Scotland vs. South Africa: Re-Living 5 Famous Matches
Scotland host South Africa on Sunday with the Boks coming off a powerful display in Cardiff.
Scotland coach Scott Johnson has already declared his intention for his team to match their opponents' physical prowess, and if they can manage that, we could be in for a classic between two sides who have had their fair share of great tussles over the years.
Here are five memorable meetings.
Scotland 6-0 South Africa, 1906
South Africa’s first tour was also the first time the term Springbok was coined.
According to rugbyrelics.com, the tour represented much more than a sporting watershed for the South Africans, who used it as a unifying opportunity, coming as it did just four years after the Boer War.
The loss to Scotland in Glasgow was their only defeat on the tour as they went on to beat Ireland, Wales and France while drawing with England.
Scotland 6-3, South Africa, 1969
Under growing protests against South Africa’s apartheid government, the Boks arrived in Edinburgh on their 1969 tour under the spotlight more than ever.
The match at Murrayfield was marred by scenes of police charging across the turf to quell protests in the crowd.
The contest itself was not the last time a Scottish captain and No. 8 by the name of Jim Telfer would be one of the architects of the Springboks’ downfall.
But the chief tormentor of the Boks that day was the 6'10" Peter Stagg, who dominated the lineout and caused general mayhem as full-back Ian Smith’s try and penalty cancelled out Piet Visagie’s solitary penalty.
It was to be the last time the two sides would meet each other for 25 years as South African sport was cast into the wilderness.
South Africa 29-25 Scotland, 2003
Scotland were denied a famous win on South African soil as the Boks roared back from 13 points down to claim victory.
Jason White and Andy Craig touched down to help the Scots to a 12-3 lead before two Louis Koen penalties trimmed their lead. In the second half, Chris Paterson added a third try and, after an hour, the visitors led 25-12.
In the game that saw the debut of the great Juan Smith, Stefan Terblanche (pictured with Smith) scored the Boks' first try and another Koen penalty reduced the gap to six.
Koen added another three points to make it 22-25 as the game entered the final 10 minutes and after the fly-half hit the post with an easy penalty attempt, the chaos that ensued ended with Trevor Halsted going over.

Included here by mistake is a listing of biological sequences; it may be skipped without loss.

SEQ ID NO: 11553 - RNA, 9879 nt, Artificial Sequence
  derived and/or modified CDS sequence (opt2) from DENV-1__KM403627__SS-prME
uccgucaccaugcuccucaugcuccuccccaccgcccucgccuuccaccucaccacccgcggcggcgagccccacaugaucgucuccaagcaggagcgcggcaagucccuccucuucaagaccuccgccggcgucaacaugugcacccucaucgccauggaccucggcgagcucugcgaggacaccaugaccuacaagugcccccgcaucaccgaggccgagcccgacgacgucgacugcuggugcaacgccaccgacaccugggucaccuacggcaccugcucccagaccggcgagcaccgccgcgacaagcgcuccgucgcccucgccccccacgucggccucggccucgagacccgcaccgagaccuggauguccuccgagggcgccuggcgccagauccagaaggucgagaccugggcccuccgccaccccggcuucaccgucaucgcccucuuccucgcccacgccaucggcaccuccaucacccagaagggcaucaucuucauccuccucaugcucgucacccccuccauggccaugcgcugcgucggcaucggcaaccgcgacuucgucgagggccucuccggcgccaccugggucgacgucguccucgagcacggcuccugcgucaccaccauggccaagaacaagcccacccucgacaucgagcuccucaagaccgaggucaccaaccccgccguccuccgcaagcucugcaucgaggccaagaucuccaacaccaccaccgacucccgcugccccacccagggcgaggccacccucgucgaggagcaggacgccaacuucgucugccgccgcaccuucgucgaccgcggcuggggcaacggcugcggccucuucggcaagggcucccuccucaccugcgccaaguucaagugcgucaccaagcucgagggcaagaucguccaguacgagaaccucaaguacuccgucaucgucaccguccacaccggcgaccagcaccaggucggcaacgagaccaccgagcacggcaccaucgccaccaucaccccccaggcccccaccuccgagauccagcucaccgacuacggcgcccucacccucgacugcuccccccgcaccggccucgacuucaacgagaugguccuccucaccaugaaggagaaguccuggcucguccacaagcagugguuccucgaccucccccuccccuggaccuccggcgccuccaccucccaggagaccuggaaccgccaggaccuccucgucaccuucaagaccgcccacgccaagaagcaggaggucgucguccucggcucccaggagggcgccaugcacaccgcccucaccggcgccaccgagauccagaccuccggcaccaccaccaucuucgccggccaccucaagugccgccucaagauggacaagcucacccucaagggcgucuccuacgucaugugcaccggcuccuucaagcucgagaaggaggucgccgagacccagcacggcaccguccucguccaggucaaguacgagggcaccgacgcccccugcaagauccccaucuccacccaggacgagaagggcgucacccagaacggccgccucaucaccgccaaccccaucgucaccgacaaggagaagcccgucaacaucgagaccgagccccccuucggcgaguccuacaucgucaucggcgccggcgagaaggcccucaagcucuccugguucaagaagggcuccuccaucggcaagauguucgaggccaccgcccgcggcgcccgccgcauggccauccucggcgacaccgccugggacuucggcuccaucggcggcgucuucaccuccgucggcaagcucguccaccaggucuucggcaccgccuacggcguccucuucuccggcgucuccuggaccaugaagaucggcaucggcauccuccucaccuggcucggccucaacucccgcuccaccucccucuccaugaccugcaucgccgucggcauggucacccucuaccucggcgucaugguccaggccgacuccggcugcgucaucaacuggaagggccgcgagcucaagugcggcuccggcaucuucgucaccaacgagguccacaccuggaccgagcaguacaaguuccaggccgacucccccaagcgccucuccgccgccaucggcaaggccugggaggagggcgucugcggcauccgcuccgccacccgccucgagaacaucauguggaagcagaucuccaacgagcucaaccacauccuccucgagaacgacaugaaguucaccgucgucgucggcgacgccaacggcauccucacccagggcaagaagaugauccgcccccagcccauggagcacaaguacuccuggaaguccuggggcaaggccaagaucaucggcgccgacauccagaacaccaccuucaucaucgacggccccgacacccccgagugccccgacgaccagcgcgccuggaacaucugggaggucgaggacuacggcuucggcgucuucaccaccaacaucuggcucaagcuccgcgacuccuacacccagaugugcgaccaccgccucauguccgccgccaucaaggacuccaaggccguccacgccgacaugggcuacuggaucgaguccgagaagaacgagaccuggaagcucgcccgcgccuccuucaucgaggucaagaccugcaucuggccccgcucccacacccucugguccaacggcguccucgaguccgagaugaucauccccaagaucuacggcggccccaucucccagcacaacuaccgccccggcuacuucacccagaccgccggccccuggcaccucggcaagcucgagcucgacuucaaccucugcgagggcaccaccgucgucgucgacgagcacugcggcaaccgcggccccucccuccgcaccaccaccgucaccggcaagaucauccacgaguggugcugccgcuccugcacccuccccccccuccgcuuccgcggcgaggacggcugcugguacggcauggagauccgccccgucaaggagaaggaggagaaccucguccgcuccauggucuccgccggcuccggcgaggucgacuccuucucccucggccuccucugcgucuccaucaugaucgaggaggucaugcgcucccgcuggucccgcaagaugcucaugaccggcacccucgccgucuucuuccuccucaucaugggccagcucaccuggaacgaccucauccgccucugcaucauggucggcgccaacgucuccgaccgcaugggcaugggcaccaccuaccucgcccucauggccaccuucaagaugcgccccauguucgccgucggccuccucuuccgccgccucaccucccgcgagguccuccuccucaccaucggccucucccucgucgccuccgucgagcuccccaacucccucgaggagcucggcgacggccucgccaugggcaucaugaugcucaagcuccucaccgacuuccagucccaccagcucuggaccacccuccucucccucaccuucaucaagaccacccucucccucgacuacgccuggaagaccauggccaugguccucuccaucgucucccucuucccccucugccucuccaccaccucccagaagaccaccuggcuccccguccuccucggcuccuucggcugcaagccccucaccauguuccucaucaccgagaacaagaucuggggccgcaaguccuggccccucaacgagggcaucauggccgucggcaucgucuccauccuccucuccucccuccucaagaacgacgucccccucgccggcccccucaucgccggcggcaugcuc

With the home side now leading 29-25, Nathan Hines had the chance to score the winning try in injury time but knocked the ball on over the line and Scottish hearts were left broken.
Scotland 10-45 South Africa, 2004
The thumping 45-10 scoreline at Murrayfield suggests a one-sided affair when South Africa turned on the style in 2004.
But the game is memorable for the first start of one Springbok player in particular.
Bryan Habana had come off the bench a week earlier to gain his first cap against England in a defeat.
Now he was given the starting No. 11 shirt for the first time and wasted little time in making everyone sit up and take notice.
Habana snagged not one but two interception tries against an unsuspecting Scottish defence who would have known little or nothing about the talent in their midst.
It was the start of a glittering career for a player who has become one of the all-time try-scoring greats, with 53 tries in his 93 Tests.
Scotland 21-17 South Africa, 2010
Scotland had finished second bottom of the 2010 Six Nations table and had, the previous week, shipped 40 points against a rampant New Zealand.
So the odds were hardly in their favour with the arrival of South Africa.
But the boot of Dan Parks was unerring all afternoon as he kicked six penalties and a drop goal to rob the Boks of a Grand Slam tour of Europe.
A nip/tuck first hour finally swung Scotland’s way when Parks made it 18-12 on 62 minutes and after he had extended their lead with 12 minutes left, Willem Alberts’ try was not enough to unsteady the hosts' nerves, who hung on for a first win over the Boks since a 21-6 victory in 2002.
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